Secretary of state candidate speaks to local Democratic group
John Barrow, a former congressman and candidate for secretary of state in 2018, spoke at a meeting of the Democratic Women of Forsyth County. - photo by Kelly Whitmire

A former Democratic congressman stopped by Forsyth County this week as part of his campaign for state office in 2018. 

John Barrow, a former congressman and candidate for secretary of state in 2018, spoke at a meeting of the Democratic Women of Forsyth County on Thursday. The secretary of state handles business licensing and supervises and monitors elections, among other duties. 

“The office of secretary of state is probably the least appreciated and one of the most important jobs under our state constitution,” Barrow said. 

Barrow was formerly a commissioner for Athens-Clarke County from 1990 to 2004 and served as the state’s District 12 representative in congress from 2005 to 2015. 

He described himself as the “first, last and most:” the first person from his area to defeat a Republican incumbent in a decade, when he won in 2004; the last white Democrat congressman in the Deep South; and the most bi-partisan member of congress.

Barrow said he was also the most gerrymandered - redrawing electoral boundaries to support a certain party - member of congress. Barrow said his district was redrawn twice in a decade and called gerrymandering was “probably the number one threat to our representative democracy that we’re doing to ourselves.”

“It wasn’t what it did to me that I object to, it’s what it did to the voters, what it did to their choices,” Barrow said. “When you’re constantly churned around like a tossed salad and you don’t know your representative and they don’t know you, all you have to go on is a brand.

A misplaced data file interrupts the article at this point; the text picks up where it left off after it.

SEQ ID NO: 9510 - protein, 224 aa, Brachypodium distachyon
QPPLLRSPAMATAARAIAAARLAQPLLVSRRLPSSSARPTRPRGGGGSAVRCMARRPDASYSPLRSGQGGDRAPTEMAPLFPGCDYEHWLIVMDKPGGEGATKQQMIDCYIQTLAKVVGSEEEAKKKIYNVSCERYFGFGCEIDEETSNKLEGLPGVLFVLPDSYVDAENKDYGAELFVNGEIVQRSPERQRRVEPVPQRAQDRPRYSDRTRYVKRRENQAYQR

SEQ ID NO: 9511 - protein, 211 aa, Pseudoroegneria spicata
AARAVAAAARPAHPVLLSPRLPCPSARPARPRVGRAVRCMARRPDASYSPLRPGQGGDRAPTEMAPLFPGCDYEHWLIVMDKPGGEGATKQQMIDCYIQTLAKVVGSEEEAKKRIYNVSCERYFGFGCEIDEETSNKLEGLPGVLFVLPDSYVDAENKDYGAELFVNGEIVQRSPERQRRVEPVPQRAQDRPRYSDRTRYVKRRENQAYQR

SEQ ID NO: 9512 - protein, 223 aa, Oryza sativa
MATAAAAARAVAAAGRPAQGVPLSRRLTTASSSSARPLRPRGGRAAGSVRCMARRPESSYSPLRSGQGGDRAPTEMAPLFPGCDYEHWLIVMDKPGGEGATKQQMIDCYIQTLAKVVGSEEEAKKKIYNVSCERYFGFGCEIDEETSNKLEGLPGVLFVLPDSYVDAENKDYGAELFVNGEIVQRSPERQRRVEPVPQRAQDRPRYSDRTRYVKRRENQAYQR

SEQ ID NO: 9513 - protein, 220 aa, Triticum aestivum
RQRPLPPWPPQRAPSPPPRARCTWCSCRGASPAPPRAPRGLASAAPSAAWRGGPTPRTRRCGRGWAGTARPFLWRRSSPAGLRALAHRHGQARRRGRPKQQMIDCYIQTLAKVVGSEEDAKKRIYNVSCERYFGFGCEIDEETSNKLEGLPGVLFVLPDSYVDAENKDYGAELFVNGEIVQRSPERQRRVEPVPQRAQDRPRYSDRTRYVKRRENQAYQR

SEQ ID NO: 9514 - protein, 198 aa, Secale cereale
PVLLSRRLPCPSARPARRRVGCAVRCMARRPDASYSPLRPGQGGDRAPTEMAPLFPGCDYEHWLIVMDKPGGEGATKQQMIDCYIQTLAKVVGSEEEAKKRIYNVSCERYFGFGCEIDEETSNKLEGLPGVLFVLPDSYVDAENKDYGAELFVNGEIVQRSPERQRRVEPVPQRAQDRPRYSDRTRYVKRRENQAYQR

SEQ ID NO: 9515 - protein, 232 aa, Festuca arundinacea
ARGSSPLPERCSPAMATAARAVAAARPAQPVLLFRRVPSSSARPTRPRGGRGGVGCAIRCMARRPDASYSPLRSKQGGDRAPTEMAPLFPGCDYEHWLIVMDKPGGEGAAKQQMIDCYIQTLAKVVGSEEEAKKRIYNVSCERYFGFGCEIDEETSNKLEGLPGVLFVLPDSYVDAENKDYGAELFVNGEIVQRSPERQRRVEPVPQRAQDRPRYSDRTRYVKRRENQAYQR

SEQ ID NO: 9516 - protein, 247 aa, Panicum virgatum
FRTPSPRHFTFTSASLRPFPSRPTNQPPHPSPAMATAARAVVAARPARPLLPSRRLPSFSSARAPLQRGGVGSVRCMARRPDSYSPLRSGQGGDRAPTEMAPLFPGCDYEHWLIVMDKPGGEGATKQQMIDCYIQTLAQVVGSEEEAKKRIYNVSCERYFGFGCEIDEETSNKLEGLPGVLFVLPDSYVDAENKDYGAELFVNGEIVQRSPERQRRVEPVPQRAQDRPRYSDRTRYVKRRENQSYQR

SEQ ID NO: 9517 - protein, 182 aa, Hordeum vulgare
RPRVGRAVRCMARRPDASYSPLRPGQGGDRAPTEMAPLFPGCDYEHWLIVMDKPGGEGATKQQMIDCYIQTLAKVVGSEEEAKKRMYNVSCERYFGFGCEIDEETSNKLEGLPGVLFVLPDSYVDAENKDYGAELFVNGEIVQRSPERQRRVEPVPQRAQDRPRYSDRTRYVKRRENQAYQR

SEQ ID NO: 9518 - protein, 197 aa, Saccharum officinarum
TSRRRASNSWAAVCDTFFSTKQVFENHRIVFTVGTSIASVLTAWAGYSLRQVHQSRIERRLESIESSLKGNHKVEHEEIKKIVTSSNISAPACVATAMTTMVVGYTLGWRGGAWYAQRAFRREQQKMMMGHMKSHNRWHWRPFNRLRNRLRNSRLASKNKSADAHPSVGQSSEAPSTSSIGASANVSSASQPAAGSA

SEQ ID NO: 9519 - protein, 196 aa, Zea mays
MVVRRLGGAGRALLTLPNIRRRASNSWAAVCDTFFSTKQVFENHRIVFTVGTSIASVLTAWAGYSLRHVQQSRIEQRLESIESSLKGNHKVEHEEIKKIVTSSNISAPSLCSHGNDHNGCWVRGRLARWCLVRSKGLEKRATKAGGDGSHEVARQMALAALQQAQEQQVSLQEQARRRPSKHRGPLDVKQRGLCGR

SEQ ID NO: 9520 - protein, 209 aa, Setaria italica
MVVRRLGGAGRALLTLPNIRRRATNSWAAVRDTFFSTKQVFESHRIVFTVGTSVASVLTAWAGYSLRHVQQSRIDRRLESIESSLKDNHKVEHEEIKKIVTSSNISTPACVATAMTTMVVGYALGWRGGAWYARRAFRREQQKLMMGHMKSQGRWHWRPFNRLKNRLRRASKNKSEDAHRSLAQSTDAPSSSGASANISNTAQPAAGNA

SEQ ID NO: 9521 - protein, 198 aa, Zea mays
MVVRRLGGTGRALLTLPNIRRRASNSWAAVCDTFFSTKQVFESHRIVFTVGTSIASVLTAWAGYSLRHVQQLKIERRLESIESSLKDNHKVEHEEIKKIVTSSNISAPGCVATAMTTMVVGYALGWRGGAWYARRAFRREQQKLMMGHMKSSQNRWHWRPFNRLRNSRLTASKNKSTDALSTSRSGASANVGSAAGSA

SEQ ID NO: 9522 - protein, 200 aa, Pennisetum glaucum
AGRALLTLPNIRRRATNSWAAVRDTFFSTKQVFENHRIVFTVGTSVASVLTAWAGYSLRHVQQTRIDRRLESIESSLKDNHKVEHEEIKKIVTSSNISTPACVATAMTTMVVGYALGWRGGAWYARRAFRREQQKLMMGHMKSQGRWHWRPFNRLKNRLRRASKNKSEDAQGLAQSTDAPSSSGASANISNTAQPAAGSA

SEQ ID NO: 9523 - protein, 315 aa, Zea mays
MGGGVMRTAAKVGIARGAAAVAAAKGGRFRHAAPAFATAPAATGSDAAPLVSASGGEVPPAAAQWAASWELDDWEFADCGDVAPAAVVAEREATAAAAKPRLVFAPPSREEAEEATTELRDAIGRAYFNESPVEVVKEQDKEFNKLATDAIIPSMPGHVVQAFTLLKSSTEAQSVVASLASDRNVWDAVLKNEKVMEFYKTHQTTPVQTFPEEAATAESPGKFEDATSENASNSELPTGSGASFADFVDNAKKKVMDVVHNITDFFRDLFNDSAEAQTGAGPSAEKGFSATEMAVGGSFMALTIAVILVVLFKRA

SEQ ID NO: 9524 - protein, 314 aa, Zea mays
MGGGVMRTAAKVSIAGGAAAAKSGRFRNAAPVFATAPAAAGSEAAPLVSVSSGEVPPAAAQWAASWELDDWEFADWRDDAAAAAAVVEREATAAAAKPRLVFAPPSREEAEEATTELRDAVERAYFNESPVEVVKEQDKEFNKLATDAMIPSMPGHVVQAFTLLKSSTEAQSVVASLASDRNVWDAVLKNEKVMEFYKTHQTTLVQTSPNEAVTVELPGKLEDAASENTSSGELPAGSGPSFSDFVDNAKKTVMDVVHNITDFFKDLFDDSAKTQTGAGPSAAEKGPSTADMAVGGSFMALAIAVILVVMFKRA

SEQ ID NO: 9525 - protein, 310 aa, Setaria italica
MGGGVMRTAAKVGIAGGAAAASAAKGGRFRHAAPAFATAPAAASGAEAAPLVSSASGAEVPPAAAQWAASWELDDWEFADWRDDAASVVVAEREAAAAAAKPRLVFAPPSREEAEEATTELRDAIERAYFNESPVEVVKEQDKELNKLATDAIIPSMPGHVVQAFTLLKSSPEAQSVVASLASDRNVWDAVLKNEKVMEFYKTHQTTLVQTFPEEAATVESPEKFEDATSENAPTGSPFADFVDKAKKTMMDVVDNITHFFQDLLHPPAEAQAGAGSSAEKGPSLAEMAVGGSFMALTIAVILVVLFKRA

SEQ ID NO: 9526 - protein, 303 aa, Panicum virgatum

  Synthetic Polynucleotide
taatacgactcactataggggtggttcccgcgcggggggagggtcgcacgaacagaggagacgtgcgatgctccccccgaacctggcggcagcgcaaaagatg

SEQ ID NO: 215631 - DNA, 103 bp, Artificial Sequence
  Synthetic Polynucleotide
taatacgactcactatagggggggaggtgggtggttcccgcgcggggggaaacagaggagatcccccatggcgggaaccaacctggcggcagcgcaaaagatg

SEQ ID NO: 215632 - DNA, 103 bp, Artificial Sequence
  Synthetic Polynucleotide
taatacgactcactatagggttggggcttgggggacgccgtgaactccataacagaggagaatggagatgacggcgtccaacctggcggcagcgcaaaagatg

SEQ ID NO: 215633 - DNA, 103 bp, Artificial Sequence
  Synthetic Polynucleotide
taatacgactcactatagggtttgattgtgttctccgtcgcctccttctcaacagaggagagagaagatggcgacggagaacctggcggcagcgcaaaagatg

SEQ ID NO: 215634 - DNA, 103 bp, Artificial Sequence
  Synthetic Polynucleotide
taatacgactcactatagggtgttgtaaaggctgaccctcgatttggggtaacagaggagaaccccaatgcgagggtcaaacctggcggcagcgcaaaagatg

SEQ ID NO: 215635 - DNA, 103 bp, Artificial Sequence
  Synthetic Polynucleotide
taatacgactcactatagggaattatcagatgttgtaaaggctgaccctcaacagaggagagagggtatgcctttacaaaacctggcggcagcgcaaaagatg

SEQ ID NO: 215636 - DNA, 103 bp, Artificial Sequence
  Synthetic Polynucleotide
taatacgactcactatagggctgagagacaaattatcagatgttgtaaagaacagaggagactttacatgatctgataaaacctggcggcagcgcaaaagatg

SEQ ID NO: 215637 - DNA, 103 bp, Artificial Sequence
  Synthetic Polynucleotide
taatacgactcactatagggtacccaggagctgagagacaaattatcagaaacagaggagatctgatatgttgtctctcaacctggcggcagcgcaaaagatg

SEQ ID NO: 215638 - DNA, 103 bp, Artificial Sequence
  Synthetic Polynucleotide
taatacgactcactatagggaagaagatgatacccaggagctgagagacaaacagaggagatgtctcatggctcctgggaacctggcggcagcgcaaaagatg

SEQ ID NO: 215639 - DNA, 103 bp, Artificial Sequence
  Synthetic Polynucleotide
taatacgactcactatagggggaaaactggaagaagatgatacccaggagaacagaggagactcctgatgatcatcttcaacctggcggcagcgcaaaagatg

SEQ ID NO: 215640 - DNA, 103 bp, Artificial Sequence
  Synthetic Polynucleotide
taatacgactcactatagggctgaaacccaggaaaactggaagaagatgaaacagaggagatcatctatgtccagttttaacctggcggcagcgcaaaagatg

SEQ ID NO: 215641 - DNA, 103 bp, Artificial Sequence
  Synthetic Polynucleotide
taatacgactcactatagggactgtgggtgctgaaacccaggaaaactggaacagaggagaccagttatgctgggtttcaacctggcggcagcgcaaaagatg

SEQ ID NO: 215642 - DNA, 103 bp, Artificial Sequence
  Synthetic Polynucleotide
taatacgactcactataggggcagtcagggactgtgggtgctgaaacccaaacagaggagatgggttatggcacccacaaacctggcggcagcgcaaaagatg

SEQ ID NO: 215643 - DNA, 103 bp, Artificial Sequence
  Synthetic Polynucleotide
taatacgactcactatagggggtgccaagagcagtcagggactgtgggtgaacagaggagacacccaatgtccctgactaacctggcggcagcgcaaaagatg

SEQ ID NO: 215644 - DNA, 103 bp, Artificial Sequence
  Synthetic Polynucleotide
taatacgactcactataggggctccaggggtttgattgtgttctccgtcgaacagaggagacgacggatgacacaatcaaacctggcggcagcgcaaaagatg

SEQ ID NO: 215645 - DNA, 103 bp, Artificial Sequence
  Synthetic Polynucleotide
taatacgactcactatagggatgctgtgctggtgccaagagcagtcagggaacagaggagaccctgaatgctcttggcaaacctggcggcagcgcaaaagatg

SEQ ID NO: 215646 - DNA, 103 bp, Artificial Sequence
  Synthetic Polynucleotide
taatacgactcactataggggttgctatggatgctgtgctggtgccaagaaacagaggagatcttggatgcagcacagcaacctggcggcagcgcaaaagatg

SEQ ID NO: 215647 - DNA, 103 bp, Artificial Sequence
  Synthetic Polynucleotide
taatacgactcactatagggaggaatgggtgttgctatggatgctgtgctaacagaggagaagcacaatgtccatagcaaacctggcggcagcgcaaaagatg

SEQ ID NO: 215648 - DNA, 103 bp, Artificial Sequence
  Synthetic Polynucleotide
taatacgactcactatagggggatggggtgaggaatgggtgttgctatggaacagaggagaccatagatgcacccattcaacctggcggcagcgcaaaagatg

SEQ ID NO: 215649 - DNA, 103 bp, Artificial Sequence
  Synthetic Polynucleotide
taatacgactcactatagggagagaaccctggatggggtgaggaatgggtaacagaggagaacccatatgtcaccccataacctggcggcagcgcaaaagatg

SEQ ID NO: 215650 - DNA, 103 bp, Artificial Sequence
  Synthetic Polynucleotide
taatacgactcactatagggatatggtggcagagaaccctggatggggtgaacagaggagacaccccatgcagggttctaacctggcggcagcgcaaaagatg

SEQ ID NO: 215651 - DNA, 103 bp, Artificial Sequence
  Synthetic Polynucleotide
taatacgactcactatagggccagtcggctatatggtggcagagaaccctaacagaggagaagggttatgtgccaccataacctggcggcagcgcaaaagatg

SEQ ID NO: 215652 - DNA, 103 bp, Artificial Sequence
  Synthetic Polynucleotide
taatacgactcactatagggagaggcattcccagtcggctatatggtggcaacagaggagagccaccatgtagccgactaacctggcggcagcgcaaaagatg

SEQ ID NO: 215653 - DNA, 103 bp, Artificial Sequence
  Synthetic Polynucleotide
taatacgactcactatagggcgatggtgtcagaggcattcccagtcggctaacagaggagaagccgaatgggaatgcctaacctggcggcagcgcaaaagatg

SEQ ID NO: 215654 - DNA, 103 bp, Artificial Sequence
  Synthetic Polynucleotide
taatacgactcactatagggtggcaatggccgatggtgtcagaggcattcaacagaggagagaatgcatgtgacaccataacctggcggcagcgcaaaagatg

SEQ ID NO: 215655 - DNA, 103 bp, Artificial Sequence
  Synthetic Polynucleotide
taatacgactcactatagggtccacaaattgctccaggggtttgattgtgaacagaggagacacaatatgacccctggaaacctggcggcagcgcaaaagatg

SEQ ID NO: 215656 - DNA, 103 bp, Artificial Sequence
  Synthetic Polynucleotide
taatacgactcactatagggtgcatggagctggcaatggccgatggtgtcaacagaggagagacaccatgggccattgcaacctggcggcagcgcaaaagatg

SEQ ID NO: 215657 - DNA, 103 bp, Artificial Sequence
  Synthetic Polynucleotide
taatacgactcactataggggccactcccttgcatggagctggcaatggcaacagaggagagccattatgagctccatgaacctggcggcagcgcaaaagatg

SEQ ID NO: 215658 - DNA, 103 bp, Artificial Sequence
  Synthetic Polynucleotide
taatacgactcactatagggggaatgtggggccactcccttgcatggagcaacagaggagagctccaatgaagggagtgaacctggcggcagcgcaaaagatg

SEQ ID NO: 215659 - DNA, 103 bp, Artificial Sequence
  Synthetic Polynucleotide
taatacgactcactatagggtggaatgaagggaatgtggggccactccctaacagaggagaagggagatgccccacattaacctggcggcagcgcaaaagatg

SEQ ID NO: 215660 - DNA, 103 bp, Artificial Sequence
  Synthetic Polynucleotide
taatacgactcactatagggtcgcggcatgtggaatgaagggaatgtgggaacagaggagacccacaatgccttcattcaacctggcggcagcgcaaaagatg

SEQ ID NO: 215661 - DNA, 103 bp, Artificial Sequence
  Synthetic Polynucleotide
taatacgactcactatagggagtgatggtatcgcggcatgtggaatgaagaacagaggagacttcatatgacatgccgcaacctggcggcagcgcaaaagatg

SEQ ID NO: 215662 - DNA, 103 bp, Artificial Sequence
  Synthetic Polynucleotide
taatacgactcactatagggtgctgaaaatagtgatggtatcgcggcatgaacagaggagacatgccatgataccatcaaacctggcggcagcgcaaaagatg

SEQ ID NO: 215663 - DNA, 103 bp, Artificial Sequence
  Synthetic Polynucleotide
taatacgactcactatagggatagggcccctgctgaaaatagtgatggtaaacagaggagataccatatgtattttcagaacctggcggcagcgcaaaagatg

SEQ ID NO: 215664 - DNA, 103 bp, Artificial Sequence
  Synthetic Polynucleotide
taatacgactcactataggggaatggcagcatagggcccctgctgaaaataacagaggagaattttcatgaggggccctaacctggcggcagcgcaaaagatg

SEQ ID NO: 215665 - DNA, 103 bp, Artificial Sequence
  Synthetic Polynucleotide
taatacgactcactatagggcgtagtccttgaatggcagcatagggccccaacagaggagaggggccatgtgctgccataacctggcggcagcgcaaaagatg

“That’s all you’re getting; you’re not getting a person, a relationship.”

While gerrymandering has been a hot topic nationally, Barrow said, responding to a question, lines shouldn’t necessarily be done only by computers either and said voters were also “sorting themselves out” and largely moving to like-minded areas, making gerrymandering easy. 

Barrow said the state also needed to make sure elections were secure, alluding to allegations that Russia interfered with the 2016 elections.

“There are people out there who are trying to mess with our elections,” Barrow said. “I can say this to a Republican as I can to a Democrat, you don’t want someone in some other part of the world messing with our elections.”

Also speaking at the event was Steve Smith, who is running as a Democrat for the District 26 special election on Nov. 7. Smith said one reason was he wanted to bring a working class outlook to the Gold Dome.

“There’s no people like us down at the Georgia legislature, where decisions are made on our lives and pocketbooks,” he said. “It seems that most every legislator is a doctor or a lawyer or a business owner or some other career that gives them the time and resources to be able to run for office.”